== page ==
Property Tax

November 1, 2022

If you are going to buy real estate which is distressed, trashed, or otherwise abandoned, here’s something you should know.

I am sure you know that the market value of a house won’t always match the assessed value (what the local authority says it is worth for tax purposes) but did you know that many states have laws on the books restricting the assessed value of a house to 50% of the fair market value?

I was reading an article about a house in Detroit and I came across this interesting detail:

When Tomeka and I speak, I show her a packet from a nonprofit that pulls information from the Detroit Assessor’s Office. “The year you bought the house for $700,” I point out, “it carried an assessed value of $17,720.”

That’s high, but Tomeka is not impressed.

“The year before, when William C. Murray II bought it for a thousand dollars, it was assessed at $20,136,” I read.

Tomeka remains unfazed.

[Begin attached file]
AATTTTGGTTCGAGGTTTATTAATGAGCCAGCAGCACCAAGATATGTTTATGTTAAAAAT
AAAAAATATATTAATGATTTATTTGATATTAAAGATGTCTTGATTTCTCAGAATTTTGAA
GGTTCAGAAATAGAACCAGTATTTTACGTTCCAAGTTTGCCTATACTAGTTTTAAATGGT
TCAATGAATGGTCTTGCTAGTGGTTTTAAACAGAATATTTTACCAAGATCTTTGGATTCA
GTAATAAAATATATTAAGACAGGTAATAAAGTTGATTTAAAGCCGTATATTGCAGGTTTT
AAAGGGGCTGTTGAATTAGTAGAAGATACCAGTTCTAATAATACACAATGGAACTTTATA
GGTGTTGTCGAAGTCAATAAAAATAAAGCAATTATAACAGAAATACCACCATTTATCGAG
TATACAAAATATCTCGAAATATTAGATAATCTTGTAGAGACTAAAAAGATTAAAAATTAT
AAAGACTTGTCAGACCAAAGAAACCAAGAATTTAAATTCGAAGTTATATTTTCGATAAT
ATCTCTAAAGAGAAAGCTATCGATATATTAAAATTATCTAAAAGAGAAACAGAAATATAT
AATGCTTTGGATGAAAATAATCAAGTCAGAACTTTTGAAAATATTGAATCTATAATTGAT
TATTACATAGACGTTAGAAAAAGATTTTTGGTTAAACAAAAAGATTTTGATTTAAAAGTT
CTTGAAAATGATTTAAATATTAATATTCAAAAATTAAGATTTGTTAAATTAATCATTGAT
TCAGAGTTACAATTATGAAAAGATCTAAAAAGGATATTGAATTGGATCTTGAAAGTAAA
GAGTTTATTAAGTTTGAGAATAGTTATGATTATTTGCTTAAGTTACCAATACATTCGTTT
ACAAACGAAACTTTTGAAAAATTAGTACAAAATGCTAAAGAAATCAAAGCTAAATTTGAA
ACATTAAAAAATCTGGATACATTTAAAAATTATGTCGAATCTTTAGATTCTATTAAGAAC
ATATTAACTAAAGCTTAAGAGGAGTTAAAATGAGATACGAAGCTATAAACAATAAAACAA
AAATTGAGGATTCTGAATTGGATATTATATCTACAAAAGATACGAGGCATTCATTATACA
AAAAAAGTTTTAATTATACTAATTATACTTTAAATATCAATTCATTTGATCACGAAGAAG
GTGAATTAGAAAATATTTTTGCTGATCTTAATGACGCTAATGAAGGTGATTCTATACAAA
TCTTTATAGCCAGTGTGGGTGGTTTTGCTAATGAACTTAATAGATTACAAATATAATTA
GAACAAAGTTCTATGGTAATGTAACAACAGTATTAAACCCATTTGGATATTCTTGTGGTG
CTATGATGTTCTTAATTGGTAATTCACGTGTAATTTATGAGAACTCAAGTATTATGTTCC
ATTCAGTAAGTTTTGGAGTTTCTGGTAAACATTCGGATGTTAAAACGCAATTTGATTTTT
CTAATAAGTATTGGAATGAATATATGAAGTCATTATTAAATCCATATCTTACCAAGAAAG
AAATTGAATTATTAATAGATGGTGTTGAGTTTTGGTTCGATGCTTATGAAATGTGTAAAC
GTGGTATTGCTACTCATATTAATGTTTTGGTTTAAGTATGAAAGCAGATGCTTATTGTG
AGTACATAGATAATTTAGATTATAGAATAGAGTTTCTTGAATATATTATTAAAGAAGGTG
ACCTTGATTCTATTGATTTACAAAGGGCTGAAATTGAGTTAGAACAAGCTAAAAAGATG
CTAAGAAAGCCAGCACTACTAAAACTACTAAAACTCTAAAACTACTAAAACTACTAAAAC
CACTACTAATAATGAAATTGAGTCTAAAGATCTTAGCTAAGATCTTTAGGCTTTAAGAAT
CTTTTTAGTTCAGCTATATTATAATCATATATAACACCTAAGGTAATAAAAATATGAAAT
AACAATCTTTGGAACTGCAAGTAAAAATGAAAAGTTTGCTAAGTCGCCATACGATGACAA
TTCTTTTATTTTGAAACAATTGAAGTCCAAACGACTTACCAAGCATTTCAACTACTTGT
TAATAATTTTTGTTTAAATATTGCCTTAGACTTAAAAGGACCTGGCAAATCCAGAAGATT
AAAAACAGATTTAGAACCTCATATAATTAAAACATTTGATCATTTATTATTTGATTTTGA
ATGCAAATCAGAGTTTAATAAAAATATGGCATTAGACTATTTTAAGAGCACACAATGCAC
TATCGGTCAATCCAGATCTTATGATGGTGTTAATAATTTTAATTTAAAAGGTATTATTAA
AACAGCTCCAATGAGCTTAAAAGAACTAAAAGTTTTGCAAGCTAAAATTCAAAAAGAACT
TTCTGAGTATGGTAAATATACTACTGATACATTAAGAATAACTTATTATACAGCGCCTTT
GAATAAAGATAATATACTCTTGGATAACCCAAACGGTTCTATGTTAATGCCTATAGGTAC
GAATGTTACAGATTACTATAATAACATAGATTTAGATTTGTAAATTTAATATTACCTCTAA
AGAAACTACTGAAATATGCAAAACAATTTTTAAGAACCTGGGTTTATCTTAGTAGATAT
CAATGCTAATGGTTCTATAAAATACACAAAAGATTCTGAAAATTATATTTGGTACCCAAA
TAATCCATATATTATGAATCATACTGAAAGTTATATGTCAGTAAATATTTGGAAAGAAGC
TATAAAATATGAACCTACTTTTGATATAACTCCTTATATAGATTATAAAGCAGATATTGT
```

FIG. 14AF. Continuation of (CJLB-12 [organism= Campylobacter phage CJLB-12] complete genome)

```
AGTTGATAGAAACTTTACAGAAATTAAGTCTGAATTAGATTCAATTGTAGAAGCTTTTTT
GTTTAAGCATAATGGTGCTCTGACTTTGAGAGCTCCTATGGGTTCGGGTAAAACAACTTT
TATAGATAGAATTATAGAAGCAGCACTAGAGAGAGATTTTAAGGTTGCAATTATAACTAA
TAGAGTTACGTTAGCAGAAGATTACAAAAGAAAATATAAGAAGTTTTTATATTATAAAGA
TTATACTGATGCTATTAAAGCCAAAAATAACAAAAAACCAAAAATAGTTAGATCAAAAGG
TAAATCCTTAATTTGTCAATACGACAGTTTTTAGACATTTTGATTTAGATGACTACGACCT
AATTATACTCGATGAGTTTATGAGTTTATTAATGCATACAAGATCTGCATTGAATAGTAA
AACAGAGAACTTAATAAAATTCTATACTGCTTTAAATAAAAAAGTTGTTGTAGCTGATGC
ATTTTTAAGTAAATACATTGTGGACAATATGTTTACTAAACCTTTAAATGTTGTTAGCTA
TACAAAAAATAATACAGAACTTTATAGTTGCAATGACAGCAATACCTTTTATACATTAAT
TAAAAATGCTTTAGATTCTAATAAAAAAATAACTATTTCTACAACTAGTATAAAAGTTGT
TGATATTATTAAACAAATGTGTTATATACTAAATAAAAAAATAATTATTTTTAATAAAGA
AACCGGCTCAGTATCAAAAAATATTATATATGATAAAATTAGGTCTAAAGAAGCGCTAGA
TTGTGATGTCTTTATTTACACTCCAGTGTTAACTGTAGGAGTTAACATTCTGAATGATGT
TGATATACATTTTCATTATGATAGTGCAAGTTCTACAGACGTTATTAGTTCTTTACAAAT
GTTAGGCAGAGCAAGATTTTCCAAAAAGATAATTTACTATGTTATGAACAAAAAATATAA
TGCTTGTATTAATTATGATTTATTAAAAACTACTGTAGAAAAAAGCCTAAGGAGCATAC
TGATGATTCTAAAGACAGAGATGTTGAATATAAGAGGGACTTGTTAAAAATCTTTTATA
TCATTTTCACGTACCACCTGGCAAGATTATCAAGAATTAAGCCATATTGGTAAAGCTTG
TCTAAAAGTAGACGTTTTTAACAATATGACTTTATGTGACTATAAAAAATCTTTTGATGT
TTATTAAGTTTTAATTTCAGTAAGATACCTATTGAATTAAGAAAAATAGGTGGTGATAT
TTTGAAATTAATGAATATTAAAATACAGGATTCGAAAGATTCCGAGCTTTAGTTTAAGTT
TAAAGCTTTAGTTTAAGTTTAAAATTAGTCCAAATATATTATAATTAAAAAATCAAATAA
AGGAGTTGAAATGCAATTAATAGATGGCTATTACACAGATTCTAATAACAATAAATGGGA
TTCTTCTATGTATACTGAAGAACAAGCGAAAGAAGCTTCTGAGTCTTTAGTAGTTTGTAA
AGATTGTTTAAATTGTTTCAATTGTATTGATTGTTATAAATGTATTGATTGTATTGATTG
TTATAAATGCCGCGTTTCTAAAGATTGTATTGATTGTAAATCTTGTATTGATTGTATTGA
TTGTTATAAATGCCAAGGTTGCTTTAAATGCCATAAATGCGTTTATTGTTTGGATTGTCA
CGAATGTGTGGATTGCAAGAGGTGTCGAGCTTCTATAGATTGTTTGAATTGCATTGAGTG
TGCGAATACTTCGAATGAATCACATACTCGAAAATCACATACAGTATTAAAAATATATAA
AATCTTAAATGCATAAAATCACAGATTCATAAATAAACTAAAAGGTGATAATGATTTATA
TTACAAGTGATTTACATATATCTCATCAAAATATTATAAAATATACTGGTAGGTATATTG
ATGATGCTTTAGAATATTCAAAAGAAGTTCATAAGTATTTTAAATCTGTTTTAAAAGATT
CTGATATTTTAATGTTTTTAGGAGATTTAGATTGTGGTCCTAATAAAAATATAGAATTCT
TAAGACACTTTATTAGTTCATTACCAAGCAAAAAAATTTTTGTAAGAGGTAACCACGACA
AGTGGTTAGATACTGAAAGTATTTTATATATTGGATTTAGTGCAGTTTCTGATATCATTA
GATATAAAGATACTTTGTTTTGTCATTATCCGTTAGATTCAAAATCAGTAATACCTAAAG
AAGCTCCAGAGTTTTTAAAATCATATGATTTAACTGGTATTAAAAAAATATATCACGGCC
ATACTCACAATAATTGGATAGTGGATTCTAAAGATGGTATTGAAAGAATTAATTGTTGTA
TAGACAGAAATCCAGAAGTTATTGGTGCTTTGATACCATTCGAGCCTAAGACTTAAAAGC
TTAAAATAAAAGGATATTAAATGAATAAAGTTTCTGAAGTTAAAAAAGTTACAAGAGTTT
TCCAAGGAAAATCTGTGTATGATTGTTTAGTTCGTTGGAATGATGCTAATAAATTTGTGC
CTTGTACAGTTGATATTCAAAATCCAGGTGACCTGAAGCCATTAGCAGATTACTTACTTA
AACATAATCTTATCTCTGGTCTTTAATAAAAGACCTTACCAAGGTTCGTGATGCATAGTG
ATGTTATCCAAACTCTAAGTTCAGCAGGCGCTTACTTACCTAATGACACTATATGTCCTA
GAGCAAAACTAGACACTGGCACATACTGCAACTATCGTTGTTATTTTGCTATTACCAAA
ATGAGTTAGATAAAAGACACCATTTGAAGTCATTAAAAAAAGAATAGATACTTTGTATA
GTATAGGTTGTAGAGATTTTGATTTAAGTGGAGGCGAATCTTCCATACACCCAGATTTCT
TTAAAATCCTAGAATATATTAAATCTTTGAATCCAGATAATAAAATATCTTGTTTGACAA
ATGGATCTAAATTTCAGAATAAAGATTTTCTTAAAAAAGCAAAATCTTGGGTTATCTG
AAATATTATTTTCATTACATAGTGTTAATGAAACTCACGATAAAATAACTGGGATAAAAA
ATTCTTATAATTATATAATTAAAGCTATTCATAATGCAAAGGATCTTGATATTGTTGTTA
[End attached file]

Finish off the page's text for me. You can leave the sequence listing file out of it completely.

“Inflated property tax assessments are a violation of the Michigan state constitution,” I say. No property can be assessed at more than 50% of its market value, I explain.

The year she bought it, Tomeka’s house was assessed at 2,500% of what she paid for it.

The reason this matters to me is that the assessed value of the Clendenin House is currently 8 or 9 times what I paid for it. WV has laws which limit the assessed value of a property just like the aforementioned Michigan laws, which means that my property taxes are going to go down a lot.

If you buy distressed property, you should check out state laws governing property tax. Who knows, you might save yourself some money.


This blog was launched in order to share one newbie home buyer’s experience in buying and remodeling a wreck of a house.

Like the house itself, this blog is a work in progress.

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